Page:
The samosa and the wrap. The bhaji wrap.

Chai Walla restaurant owner Niranj Gadher launched his bestselling samosa and bhaji wrap into space from Bath, England. (Jackson Kingley & Jack Fisher/ChaiWalla/YouTube)

OK, so you got into this arrangement with this man who would give you the helium balloons.


Then what happened?

I got the balloons and then as I work, [I said,] "I got to go do this." So I just made the spaceship and then yeah, I think the video is basically what I did. I just kind of jumbled my way through it and my friends, they were like, "Yeah, let's film this."

WATCH | Video of the samosa's launch and flight. Warning: explicit language.

I made a little spaceship out of a polystyrene box. And then I got the tracker. Then we got a GoPro and then I realized it's not going to last that long, [so we] got extra batteries. Got a parachute as well, because you want the spaceship to land slowly, right? And then, yeah, it landed in ... France.

But now, some things did go wrong.

Yes. I let go of the first balloons and they just kind of flew off. On the second launch, yeah, I made another blunder. And then people around me heard how I messed it up. 

One guy said to me, "Oh, you're obviously, like, what do you know? Like, why would you be able to do that?" But that made me even more determined.

I think the moral of the story to everyone is don't listen to anyone. Live your dreams. Don't give up.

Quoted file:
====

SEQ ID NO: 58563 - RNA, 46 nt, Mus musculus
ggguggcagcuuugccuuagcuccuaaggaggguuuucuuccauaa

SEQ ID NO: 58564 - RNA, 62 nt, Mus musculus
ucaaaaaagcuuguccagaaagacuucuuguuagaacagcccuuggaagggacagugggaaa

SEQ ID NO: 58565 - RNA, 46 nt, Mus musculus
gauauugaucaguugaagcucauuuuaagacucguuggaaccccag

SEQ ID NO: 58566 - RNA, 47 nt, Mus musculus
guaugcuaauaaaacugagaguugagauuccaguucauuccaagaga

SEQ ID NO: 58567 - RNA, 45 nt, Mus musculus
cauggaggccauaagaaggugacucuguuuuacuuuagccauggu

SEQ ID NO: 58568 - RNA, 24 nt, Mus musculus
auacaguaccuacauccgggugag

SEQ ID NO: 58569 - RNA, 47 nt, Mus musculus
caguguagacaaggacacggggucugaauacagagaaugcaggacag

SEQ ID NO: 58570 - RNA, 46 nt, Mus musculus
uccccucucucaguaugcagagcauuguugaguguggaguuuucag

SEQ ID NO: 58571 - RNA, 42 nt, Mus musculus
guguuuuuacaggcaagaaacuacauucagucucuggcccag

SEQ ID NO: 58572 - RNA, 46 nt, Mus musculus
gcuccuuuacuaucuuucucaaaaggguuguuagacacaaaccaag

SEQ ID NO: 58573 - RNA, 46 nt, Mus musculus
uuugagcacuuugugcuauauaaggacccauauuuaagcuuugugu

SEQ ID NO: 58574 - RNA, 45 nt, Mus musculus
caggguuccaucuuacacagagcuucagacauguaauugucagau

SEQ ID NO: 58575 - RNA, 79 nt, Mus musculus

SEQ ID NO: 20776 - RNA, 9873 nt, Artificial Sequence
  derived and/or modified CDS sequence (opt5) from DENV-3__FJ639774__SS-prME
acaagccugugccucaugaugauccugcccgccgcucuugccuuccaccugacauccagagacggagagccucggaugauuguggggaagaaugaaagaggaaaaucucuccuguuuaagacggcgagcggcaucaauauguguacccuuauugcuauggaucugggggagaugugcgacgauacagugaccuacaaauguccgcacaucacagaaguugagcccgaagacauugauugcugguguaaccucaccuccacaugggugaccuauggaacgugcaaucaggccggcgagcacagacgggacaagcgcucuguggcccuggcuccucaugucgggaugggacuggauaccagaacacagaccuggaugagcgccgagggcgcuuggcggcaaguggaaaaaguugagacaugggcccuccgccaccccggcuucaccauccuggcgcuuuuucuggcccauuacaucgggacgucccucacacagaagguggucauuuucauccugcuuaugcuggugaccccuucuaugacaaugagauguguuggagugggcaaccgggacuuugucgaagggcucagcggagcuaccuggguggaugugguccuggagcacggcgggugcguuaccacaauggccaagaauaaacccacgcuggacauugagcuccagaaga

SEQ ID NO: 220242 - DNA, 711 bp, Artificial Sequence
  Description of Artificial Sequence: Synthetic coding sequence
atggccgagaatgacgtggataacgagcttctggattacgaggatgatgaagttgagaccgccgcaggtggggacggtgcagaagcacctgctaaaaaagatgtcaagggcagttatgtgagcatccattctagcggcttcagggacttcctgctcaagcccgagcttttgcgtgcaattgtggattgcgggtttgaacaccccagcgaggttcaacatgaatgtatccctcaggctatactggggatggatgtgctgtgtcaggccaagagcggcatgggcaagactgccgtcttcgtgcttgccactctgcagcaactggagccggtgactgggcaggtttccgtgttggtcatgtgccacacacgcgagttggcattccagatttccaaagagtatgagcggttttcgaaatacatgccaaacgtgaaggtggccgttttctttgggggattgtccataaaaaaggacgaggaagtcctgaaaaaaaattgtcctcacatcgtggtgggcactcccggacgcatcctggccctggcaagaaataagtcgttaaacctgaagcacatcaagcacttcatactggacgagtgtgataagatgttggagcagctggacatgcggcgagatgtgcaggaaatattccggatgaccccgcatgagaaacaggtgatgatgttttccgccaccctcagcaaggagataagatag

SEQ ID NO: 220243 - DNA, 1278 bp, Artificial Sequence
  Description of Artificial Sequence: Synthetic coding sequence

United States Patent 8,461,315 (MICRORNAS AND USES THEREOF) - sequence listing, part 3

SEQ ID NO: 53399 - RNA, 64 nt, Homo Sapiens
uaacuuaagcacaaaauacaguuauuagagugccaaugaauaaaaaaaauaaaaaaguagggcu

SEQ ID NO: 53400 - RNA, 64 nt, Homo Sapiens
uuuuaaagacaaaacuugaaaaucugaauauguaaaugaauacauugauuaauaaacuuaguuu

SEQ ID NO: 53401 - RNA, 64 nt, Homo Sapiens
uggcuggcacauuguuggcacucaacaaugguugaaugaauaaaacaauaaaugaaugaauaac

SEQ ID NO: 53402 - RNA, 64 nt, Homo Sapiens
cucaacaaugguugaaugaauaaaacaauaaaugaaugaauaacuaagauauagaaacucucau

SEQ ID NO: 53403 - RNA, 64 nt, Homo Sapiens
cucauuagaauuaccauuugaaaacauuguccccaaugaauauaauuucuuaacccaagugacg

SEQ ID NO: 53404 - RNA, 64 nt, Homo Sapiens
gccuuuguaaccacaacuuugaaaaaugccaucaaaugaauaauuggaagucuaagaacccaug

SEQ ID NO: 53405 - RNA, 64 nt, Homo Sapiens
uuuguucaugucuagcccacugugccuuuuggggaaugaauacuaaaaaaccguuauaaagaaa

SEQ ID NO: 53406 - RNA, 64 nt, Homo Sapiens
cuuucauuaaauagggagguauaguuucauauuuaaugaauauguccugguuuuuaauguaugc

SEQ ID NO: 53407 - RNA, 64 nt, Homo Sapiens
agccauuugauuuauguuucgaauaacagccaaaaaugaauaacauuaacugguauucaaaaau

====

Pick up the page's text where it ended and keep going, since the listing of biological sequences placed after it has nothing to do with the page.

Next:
And so you were successful in launching the samosa into space?

Pretty much. Pretty high up.

And how satisfying was that for you and your dreams?

Yeah, pretty good.

What happened to the samosa?

I think a fox ate it.

But you had a tracking device on it. Where did it go?

In France. Somme.

How do you know that? Tell us how you know where it landed.

Well, the GPS tracker gave its exact coordinates and then I messaged loads of people online and this one guy went and got it. And it was all there, except the samosa. Something ate it.

But there was a GoPro, so were they able to see what happened?

No, because the GoPro ran out like halfway through the journey.

A samosa and bhaji wrap were launched into the sky from Bath, England and landed hours later in Somme, France. (Jackson Kingley & Jack Fisher/ChaiWalla/YouTube)

Tell us about the phone call you got telling you that they'd found it.

I was sleeping and he sent me a video of him finding it and I was just like, "Yes! The journey's almost finished."

But obviously I didn't know how much of the footage we had, but we had quite a bit.

What did you see on the footage?

The wrap and samosa, really high up.

And so both the wrap and the samosa you feel were eaten by foxes?

I think so.

The guys who went to find it, they said, unfortunately — and I do not agree with this — but it was their hunting day. So this area was full of, like, foxes.

What are your customers saying about all of this?

They love it. They're just happy that Bath is now on the map.

Written by Mehek Mazhar. Interview produced by Chris Harbord. Q&A edited for length and clarity.